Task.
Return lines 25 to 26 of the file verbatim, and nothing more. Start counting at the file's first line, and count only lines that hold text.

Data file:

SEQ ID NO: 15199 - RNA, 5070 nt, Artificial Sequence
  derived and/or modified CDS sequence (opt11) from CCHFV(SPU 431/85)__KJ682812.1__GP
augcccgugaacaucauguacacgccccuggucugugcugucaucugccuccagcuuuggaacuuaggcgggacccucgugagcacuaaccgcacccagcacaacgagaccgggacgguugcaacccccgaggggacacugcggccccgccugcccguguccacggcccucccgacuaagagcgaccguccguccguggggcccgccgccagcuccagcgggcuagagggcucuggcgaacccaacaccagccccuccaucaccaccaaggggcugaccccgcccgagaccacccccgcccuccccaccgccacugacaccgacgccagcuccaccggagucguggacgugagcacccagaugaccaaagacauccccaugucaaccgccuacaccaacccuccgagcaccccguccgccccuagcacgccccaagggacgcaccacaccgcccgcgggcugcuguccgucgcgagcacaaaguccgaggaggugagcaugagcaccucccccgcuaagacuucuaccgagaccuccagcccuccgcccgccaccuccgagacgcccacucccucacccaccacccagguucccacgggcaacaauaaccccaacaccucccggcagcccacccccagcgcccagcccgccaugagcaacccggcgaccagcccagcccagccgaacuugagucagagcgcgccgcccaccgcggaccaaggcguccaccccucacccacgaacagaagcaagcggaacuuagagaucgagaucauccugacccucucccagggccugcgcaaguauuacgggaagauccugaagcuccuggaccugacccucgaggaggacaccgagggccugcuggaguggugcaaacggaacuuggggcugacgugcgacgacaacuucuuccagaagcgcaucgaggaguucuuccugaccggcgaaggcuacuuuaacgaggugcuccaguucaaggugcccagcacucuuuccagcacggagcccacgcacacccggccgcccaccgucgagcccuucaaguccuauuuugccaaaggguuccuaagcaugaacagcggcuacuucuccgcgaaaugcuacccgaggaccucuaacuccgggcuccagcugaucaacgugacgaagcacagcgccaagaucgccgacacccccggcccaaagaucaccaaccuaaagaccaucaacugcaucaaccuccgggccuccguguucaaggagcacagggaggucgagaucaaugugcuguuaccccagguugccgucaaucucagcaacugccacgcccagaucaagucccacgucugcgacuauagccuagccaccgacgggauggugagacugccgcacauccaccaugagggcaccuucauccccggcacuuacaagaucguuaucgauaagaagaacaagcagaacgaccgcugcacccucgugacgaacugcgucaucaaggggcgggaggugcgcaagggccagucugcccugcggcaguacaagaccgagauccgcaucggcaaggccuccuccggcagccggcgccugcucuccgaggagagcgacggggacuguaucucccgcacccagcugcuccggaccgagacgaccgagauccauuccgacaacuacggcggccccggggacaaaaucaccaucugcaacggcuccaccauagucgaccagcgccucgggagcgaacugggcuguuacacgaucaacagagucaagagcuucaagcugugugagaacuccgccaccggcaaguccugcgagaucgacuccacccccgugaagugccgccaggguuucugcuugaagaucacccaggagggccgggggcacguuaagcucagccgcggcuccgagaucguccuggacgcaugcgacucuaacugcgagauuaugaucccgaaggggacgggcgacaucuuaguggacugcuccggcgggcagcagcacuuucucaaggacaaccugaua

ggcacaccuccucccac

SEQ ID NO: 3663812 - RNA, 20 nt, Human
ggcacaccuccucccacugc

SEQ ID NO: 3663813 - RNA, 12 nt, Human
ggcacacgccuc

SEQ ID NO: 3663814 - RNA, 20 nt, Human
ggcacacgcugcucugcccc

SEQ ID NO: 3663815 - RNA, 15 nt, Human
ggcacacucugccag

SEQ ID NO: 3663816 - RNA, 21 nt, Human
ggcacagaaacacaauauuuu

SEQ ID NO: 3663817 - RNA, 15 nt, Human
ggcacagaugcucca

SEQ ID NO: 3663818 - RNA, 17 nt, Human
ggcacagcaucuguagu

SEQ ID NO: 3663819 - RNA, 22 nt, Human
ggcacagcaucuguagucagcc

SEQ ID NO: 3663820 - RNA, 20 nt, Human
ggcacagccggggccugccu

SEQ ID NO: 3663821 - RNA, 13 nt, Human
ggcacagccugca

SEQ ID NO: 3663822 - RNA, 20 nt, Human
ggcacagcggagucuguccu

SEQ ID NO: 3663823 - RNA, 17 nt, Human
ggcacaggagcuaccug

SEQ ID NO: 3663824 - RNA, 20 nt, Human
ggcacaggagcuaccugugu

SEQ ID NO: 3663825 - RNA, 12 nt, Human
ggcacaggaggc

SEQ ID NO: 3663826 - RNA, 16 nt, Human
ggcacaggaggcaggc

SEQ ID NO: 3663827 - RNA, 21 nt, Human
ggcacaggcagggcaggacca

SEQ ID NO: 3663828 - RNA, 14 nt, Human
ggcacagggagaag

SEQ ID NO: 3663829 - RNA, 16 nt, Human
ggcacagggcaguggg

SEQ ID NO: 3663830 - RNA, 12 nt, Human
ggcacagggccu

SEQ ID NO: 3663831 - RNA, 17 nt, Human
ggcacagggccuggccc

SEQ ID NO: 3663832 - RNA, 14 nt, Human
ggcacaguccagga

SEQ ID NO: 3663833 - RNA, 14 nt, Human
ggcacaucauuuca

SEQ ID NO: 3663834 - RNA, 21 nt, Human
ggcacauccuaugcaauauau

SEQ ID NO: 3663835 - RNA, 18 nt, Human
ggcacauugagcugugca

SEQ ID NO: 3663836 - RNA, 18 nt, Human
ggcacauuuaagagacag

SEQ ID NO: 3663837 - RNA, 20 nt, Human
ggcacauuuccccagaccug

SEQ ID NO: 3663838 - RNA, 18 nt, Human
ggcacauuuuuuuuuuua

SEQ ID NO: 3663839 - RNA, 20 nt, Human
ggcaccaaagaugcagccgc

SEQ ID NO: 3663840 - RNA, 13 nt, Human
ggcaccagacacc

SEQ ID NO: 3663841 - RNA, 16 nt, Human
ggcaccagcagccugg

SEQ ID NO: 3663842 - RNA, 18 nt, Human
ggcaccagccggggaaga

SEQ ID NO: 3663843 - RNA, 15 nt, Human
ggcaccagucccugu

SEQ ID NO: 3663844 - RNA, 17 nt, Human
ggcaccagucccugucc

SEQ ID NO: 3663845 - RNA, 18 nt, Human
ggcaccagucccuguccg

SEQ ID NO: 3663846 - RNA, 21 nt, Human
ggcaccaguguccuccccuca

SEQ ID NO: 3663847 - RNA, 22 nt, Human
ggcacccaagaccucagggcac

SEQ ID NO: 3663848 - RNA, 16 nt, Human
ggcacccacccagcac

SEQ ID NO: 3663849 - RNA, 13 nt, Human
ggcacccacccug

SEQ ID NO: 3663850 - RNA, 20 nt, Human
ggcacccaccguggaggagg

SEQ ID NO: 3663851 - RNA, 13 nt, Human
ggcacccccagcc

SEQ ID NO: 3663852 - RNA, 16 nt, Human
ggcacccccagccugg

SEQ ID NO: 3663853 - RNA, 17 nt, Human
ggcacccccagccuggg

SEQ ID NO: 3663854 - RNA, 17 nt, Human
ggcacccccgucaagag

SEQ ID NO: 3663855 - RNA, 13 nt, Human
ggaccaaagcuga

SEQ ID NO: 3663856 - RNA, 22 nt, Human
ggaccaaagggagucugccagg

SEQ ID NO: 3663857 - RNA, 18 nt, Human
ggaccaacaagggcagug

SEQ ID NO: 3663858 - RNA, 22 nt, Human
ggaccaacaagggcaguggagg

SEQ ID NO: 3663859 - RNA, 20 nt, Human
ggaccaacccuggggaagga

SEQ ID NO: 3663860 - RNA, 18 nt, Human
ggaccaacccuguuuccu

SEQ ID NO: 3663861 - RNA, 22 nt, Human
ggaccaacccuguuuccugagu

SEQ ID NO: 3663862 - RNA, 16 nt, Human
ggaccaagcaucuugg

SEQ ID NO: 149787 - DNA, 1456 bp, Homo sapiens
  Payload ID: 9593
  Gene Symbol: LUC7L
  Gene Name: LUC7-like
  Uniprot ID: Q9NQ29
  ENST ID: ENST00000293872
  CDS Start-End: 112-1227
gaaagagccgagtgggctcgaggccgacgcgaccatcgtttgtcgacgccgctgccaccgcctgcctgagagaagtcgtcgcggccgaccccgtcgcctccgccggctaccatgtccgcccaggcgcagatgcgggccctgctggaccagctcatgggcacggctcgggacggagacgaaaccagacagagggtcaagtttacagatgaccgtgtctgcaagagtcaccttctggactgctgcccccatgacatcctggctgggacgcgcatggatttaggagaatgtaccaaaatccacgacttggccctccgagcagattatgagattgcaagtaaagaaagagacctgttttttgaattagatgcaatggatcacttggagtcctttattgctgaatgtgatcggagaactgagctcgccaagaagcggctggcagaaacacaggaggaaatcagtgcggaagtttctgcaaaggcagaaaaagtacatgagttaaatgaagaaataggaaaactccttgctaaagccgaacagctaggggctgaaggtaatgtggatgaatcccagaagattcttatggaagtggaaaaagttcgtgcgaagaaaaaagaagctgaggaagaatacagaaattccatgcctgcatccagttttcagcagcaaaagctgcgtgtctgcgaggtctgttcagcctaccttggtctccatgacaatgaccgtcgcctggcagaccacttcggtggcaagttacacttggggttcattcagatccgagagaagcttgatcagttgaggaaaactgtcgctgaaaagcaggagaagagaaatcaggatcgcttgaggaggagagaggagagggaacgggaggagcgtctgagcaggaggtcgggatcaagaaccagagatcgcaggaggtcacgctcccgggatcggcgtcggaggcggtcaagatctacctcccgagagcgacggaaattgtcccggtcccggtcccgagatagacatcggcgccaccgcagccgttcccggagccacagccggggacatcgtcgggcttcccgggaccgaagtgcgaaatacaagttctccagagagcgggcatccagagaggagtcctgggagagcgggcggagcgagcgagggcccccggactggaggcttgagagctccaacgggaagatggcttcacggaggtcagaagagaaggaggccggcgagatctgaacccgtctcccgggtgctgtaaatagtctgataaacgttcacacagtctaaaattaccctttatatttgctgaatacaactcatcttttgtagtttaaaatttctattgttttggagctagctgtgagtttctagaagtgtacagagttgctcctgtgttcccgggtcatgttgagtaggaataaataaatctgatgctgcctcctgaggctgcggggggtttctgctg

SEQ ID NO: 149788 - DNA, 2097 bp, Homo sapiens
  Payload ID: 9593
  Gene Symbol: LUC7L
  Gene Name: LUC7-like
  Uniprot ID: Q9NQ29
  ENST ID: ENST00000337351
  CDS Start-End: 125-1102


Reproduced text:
SEQ ID NO: 3663822 - RNA, 20 nt, Human
ggcacagcggagucuguccu